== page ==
Page last updated at 00:11 GMT, Thursday, 11 March 2010

McDonald's offers work experience-based GCSE

McDonald's employees
The qualification will be equivalent to a grade B or C GCSE

Teenagers who complete a period of work experience at fast-food giant McDonald's will be able to gain a qualification equivalent to a GCSE.

The company has worked with exam board Edexcel to develop a BTec certificate to recognise the skills gained.

The BTec will require youngsters to complete a 10-day placement in a restaurant and complete work in school.

Edexcel said the qualification was modelled on the pre-existing BTec certificate in work skills.

A spokeswoman for the exam board said Edexcel had worked closely with McDonald's to develop the qualification.

The certificate was fully accredited and equivalent to one GCSE at grade B or C, she added.

The 10-day placement adds up to the 80-hour study requirement for regular BTec certificate and will see teenagers cover issues such as team working and communication skills.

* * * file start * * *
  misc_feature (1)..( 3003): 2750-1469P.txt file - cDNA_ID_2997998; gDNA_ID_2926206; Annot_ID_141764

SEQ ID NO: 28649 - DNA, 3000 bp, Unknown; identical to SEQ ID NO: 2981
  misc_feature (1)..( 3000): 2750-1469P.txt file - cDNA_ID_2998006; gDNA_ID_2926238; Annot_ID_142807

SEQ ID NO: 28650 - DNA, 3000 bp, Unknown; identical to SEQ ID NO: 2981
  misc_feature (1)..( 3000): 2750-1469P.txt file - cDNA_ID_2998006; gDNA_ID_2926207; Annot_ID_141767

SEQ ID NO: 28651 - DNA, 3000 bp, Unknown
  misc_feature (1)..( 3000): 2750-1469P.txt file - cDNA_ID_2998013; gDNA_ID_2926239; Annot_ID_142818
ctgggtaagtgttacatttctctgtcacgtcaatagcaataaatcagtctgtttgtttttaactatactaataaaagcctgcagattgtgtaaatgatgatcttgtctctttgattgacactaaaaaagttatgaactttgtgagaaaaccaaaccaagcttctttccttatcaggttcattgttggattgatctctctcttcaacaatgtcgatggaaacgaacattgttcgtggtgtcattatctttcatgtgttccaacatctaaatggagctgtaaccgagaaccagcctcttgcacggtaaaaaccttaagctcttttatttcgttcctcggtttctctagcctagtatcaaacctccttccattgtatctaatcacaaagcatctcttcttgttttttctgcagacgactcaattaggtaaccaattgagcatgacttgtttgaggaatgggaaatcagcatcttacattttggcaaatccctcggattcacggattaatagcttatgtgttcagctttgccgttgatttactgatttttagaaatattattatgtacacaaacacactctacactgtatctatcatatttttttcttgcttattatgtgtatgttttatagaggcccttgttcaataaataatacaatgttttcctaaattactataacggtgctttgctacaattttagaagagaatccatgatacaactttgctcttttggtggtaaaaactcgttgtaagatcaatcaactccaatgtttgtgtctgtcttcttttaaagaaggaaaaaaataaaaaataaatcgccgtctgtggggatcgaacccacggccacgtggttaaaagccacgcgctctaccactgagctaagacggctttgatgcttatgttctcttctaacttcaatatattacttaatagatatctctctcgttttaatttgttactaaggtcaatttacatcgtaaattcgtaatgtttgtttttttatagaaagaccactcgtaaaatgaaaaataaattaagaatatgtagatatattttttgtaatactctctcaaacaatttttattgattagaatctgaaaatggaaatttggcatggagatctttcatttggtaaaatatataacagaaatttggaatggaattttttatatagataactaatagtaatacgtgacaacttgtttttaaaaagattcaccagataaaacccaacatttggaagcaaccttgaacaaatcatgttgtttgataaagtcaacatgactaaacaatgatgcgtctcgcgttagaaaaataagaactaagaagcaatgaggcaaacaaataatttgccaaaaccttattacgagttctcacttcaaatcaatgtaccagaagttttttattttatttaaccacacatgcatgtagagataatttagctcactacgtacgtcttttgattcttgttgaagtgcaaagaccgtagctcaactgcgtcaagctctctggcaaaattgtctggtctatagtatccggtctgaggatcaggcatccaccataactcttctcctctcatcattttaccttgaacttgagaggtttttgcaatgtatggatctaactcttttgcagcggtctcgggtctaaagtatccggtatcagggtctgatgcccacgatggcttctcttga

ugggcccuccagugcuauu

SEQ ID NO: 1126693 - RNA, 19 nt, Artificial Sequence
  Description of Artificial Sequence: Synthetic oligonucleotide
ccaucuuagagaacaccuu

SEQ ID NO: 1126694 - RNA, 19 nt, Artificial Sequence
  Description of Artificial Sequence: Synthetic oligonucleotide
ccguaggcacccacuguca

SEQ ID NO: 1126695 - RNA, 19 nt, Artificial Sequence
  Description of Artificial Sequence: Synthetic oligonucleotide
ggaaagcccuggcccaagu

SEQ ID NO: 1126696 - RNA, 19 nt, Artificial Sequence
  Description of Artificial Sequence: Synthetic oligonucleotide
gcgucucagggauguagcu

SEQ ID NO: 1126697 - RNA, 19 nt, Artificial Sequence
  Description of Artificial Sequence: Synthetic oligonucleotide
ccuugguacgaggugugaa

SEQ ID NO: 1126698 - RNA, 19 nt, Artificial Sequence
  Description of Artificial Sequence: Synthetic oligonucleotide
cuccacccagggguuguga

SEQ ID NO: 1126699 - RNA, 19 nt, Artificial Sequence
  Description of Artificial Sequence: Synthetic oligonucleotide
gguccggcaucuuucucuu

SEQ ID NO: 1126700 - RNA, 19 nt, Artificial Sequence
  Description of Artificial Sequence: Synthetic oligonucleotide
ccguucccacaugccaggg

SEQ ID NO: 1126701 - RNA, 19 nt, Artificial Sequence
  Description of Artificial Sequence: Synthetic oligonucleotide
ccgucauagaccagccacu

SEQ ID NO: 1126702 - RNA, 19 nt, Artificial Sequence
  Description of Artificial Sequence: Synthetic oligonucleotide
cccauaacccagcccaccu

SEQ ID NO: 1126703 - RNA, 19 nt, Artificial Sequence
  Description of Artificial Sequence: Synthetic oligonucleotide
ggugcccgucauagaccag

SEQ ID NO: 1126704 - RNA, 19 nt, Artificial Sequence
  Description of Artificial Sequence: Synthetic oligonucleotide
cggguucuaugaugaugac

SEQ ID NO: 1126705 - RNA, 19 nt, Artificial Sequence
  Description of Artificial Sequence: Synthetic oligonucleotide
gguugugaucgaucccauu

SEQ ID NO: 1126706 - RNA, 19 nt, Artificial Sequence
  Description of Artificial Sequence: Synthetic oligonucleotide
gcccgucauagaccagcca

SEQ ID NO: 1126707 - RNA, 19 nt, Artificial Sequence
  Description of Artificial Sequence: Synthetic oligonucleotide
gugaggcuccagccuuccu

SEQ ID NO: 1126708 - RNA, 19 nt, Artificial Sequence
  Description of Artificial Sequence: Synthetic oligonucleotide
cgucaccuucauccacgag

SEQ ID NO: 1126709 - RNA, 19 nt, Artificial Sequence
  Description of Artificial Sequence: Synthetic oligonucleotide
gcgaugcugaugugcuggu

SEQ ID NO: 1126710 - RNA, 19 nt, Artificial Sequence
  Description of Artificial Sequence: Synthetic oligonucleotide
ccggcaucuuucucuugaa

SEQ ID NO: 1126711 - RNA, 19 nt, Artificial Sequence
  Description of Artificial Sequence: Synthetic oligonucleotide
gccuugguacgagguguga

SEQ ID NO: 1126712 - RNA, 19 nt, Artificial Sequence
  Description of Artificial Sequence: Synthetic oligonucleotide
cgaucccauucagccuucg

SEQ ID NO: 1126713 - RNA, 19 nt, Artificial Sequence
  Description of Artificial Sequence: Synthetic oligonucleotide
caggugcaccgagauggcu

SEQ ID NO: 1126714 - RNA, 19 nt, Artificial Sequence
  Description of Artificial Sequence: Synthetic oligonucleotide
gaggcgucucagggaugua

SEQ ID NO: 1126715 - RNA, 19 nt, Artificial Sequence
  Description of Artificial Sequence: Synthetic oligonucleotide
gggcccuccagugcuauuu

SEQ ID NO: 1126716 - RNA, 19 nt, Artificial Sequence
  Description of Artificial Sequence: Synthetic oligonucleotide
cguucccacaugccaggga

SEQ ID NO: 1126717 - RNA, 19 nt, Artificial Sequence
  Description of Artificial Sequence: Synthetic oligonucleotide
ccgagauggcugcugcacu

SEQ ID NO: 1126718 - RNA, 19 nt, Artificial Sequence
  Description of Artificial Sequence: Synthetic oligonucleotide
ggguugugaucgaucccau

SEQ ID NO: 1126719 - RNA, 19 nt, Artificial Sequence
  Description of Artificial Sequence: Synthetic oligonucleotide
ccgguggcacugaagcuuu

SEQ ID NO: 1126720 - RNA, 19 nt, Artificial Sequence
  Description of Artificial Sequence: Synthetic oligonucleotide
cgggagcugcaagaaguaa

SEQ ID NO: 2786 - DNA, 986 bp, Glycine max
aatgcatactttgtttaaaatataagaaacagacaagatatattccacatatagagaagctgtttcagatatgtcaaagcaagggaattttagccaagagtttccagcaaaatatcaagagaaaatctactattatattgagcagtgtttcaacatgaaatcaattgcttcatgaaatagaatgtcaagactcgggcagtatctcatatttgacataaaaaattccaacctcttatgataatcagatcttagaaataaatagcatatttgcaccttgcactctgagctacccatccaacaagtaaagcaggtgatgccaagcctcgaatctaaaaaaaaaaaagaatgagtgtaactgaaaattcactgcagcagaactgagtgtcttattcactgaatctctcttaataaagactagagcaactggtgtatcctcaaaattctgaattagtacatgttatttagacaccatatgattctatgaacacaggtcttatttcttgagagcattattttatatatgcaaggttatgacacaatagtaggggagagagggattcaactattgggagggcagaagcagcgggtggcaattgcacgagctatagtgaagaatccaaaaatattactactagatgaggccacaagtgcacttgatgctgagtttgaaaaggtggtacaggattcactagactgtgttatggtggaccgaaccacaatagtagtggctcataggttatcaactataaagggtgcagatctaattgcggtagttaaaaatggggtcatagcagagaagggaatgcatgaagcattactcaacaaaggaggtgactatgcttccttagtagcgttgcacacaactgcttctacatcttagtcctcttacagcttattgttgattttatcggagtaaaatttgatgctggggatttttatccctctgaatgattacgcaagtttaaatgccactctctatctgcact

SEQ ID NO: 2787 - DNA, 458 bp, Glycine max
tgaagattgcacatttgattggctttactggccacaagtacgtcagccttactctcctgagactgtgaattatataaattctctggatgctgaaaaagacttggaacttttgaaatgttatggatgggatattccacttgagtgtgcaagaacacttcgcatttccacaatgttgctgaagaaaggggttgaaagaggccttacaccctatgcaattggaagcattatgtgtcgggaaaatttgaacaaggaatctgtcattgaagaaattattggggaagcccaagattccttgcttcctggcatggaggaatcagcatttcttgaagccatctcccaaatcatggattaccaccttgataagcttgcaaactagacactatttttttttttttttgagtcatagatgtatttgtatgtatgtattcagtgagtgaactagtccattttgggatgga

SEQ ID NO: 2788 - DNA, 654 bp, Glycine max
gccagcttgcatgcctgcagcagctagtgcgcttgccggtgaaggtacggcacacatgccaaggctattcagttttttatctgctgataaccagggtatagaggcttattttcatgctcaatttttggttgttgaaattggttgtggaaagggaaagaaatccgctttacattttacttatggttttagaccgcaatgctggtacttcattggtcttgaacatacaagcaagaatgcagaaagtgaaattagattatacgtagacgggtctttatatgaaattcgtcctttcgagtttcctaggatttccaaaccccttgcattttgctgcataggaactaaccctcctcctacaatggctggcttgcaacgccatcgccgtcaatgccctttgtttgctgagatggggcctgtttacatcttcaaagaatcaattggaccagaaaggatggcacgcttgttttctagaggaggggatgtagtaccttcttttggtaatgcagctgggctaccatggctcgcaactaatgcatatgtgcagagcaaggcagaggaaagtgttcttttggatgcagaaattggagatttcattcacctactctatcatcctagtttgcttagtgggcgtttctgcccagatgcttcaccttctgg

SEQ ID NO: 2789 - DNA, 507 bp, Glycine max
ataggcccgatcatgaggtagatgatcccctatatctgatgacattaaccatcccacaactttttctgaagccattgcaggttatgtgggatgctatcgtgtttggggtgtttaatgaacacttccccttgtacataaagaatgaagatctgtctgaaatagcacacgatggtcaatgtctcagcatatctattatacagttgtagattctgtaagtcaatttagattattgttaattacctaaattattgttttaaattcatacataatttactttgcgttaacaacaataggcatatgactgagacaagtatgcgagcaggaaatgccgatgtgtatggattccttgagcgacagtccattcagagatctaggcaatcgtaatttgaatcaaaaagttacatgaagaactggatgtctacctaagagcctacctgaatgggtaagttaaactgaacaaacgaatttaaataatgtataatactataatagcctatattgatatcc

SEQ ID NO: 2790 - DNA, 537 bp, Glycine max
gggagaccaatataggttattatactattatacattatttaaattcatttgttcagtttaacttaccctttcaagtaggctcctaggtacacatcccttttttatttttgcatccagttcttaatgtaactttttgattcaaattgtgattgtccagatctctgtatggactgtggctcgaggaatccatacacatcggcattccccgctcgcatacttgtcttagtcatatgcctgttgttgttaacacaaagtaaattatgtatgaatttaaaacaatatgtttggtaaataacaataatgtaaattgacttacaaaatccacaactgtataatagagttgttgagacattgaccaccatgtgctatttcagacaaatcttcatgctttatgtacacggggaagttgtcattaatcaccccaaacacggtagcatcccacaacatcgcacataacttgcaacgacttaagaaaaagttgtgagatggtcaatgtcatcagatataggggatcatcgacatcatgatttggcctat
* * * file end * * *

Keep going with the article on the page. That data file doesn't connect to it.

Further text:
Building confidence

The qualification - devised by McDonald's - follows concerns raised by business leaders that schools, colleges and even universities are failing to equip youngsters for the world of work.

David Fairhurst, personnel chief at McDonald's, said: "Whether people join McDonald's for two weeks' work experience or a full-time job, the aim is helping them build their confidence, gain transferable qualifications and fulfil their potential.

"Now, a placement will give young people on-the-job experience in a fast-paced business environment, a great set of all-round skills for any workplace, and a national qualification to increase their employability."

Heather Collier, director of the National Council for Work Experience, welcomed the qualification.

"A formalised BTec would help them [young people] articulate and realise the skills they've learned," she said.

"It will bring together the theory and practice of working."

In a survey of 2,133 young people in the UK aged 14-19, McDonald's found 86% thought work placements would be better if they led to a qualification.

And 81% said high-quality work experience gave young people the edge when looking for employment.

Two years ago, McDonald's won approval to offer courses which could form part of a qualification at the standard of A-levels or advanced Diplomas.

McDonald's, airline Flybe and Network Rail were the first firms to be approved to offer the Level 3 courses.



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